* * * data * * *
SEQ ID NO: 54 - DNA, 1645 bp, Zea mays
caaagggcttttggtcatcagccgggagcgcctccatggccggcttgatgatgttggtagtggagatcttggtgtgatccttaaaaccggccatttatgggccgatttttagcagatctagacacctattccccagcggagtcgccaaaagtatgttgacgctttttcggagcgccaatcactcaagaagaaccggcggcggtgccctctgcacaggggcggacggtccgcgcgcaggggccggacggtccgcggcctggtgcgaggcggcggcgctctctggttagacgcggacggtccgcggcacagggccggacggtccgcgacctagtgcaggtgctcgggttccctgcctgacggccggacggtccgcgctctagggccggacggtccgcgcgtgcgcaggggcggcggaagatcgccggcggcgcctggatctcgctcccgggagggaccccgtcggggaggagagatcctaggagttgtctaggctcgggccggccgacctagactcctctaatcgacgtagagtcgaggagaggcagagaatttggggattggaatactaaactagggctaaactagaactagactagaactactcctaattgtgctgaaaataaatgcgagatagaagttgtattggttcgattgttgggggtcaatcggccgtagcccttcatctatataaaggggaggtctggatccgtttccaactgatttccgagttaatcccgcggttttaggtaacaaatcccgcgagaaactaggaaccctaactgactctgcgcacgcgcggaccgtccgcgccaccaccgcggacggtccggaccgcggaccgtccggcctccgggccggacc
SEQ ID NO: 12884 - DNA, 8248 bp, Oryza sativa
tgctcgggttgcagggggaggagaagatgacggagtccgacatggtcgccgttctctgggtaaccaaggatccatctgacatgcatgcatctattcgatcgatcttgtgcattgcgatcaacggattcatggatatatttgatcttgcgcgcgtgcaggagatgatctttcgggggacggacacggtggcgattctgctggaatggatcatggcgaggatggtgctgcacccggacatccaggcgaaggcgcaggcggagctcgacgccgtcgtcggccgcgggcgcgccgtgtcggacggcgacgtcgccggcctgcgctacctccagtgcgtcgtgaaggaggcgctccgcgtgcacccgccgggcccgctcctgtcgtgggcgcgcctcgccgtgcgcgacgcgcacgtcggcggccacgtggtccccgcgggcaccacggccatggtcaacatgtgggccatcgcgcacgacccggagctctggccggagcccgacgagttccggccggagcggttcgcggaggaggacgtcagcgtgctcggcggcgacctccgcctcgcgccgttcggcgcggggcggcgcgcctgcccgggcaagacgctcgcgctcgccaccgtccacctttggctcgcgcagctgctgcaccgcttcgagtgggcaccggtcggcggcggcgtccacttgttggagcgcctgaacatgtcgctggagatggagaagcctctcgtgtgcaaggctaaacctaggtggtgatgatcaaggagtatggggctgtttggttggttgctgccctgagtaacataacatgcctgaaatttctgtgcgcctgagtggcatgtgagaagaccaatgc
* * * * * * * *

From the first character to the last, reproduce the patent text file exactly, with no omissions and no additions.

SEQ ID NO: 54 - DNA, 1645 bp, Zea mays
caaagggcttttggtcatcagccgggagcgcctccatggccggcttgatgatgttggtagtggagatcttggtgtgatccttaaaaccggccatttatgggccgatttttagcagatctagacacctattccccagcggagtcgccaaaagtatgttgacgctttttcggagcgccaatcactcaagaagaaccggcggcggtgccctctgcacaggggcggacggtccgcgcgcaggggccggacggtccgcggcctggtgcgaggcggcggcgctctctggttagacgcggacggtccgcggcacagggccggacggtccgcgacctagtgcaggtgctcgggttccctgcctgacggccggacggtccgcgctctagggccggacggtccgcgcgtgcgcaggggcggcggaagatcgccggcggcgcctggatctcgctcccgggagggaccccgtcggggaggagagatcctaggagttgtctaggctcgggccggccgacctagactcctctaatcgacgtagagtcgaggagaggcagagaatttggggattggaatactaaactagggctaaactagaactagactagaactactcctaattgtgctgaaaataaatgcgagatagaagttgtattggttcgattgttgggggtcaatcggccgtagcccttcatctatataaaggggaggtctggatccgtttccaactgatttccgagttaatcccgcggttttaggtaacaaatcccgcgagaaactaggaaccctaactgactctgcgcacgcgcggaccgtccgcgccaccaccgcggacggtccggaccgcggaccgtccggcctccgggccggacc
SEQ ID NO: 12884 - DNA, 8248 bp, Oryza sativa
tgctcgggttgcagggggaggagaagatgacggagtccgacatggtcgccgttctctgggtaaccaaggatccatctgacatgcatgcatctattcgatcgatcttgtgcattgcgatcaacggattcatggatatatttgatcttgcgcgcgtgcaggagatgatctttcgggggacggacacggtggcgattctgctggaatggatcatggcgaggatggtgctgcacccggacatccaggcgaaggcgcaggcggagctcgacgccgtcgtcggccgcgggcgcgccgtgtcggacggcgacgtcgccggcctgcgctacctccagtgcgtcgtgaaggaggcgctccgcgtgcacccgccgggcccgctcctgtcgtgggcgcgcctcgccgtgcgcgacgcgcacgtcggcggccacgtggtccccgcgggcaccacggccatggtcaacatgtgggccatcgcgcacgacccggagctctggccggagcccgacgagttccggccggagcggttcgcggaggaggacgtcagcgtgctcggcggcgacctccgcctcgcgccgttcggcgcggggcggcgcgcctgcccgggcaagacgctcgcgctcgccaccgtccacctttggctcgcgcagctgctgcaccgcttcgagtgggcaccggtcggcggcggcgtccacttgttggagcgcctgaacatgtcgctggagatggagaagcctctcgtgtgcaaggctaaacctaggtggtgatgatcaaggagtatggggctgtttggttggttgctgccctgagtaacataacatgcctgaaatttctgtgcgcctgagtggcatgtgagaagaccaatgc